Long-term clinical outcome following ablation of paroxysmal atrial fibrillation

The consensus document emphasized the need for patient follow-up to evaluate the long-term effectiveness of ablation of atrial fibrillation. However, it has become apparent that a 1-year follow-up is inadequate at truly evaluating long-term elimination of atrial fibrillation. Table 1 summarizes the recent reports712 on the long-term follow-up of patients with paroxysmal atrial fibrillation who underwent isolation of the pulmonary veins, including the report from Mikhaylov et al.12 These reports involved different strategies of ablation to isolate the pulmonary veins (with or without a double-trans-septal approach or the use of a circumferential catheter). The minimum follow-up period of these studies is 2 years, extending to a mean of nearly 4 years. The methodology during follow-up to document the recurrence of atrial fibrillation is imperfect in most studies, and could underestimate the actual number of patients who have recurrence of atrial fibrillation.13

View this table:
Table 1

Long term success rates in 1894 patients of a single radiofrequency catheter ablation procedure for paroxysmal atrial fibrillation that includes circumferential ablation of the pulmonary veins with or without non-PV sites of ablation

StudyYearPts (n)ApproachFollow-up (years)Follow-up methodSuccess (%)
Bhargava et al.72009728PVAISVC, triggers4.8 ± 1.448h Holter 3, 6, 9 and 12 months, event monitor during the first 5 months77.6
Hunter et al.82010151WACA3.3aHolter at 3 and 6 months, event monitor if symptomatic, 12-lead ECG at late follow-up40.6
Miyazaki et al.92010452EPVICTI, triggers2.5 ± 1.2Holter at 2, 6, 10, 14, 24, 36, 48 weeks and every 3 months, event monitor if symptomatic67.3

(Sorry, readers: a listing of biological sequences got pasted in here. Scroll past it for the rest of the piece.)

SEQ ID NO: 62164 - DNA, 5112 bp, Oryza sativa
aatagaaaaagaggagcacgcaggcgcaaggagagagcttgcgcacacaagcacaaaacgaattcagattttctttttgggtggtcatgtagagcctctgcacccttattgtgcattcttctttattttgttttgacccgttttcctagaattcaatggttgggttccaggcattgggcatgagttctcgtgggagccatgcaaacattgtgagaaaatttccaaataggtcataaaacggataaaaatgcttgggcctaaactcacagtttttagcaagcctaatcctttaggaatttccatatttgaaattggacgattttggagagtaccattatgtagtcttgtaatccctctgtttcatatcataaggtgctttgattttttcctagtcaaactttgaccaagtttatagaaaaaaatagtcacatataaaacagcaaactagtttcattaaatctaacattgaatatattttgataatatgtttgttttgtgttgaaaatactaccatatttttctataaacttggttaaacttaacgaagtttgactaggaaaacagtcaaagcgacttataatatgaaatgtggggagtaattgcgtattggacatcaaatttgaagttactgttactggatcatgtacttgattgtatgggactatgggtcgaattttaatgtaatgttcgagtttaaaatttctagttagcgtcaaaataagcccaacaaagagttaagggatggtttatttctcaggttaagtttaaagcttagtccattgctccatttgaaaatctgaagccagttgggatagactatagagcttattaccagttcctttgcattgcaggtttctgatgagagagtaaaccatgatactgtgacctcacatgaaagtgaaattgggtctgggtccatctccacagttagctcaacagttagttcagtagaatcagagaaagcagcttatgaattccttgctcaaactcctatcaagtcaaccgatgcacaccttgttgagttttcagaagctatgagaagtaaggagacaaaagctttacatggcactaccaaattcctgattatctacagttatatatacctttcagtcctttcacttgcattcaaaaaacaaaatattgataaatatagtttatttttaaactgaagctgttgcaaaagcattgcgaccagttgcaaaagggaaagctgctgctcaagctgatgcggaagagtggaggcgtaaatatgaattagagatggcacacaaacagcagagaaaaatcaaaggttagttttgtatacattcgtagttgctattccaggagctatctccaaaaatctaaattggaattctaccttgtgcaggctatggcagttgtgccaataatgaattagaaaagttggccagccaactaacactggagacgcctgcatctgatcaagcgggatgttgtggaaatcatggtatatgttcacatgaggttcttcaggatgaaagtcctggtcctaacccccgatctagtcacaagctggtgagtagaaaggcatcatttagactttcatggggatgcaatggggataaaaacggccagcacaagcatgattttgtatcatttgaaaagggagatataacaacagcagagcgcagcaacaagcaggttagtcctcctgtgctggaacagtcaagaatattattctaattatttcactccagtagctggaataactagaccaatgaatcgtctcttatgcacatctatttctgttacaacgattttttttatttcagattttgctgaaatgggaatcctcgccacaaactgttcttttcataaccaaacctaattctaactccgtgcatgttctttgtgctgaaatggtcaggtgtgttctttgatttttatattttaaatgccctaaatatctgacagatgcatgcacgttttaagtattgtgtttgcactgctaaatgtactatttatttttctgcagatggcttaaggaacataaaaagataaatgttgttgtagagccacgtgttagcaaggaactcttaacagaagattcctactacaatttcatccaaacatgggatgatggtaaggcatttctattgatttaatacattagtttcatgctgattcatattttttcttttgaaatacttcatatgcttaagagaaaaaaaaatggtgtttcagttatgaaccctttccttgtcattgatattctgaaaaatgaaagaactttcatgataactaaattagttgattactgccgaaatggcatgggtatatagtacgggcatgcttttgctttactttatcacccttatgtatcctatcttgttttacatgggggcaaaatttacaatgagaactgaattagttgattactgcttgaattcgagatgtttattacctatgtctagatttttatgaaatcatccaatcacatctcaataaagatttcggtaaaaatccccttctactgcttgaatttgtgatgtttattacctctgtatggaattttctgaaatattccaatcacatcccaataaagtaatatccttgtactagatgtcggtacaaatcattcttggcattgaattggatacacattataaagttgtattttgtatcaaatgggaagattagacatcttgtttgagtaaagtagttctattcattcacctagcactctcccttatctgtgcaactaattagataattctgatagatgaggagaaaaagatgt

Medi et al.102010100PVAI3.3 ± 0.812-lead ECG and Holter at 3, 6, 9 and 12 months, event monitor every 6 months49.0
Wokhlu et al.112010428PVI/WACACTI, triggers, lines3.0b24h Holter at 3 months, 12-lead ECG at 12 months, event monitor if symptomatic after 12 months62.0c
Mikhaylov et al.12201035CPVICTI, lines3.0 ± 0.224h Holter at 3, 6, 9 and 12 months, event monitor if symptomatic65.7
  • CPVI, circumferential pulmonary vein isolation; CTI, cavo tricuspid isthmus ablation; EPVI, extensive pulmonary vein isolation; PVAI, pulmonary vein antral isolation; PVI, pulmonary vein isolation; SVC, superior vena cava; WACA, wide area circumferential ablation.

  • a Median follow-up (range 2.4 - 7.5 years)

  • b Median follow-up (range 1.6 - 4.1 years)

  • c At two years in 235 patients

As a single procedure, ablation for patients with paroxysmal atrial fibrillation was effective in 41–78% of patients, a rather large variation for a technique that involved similar power-sources and endpoints, directed at patients that all had self-terminating atrial fibrillation. There can be different viewpoints to these results, including the favourable outcome in approximately half of the patients, or the unfavourable view that a technique that was initially reported in 199814 still remains technically challenging with less than satisfactory results for long term. Inevitably again, atrial fibrillation recurs in a substantial number of patients.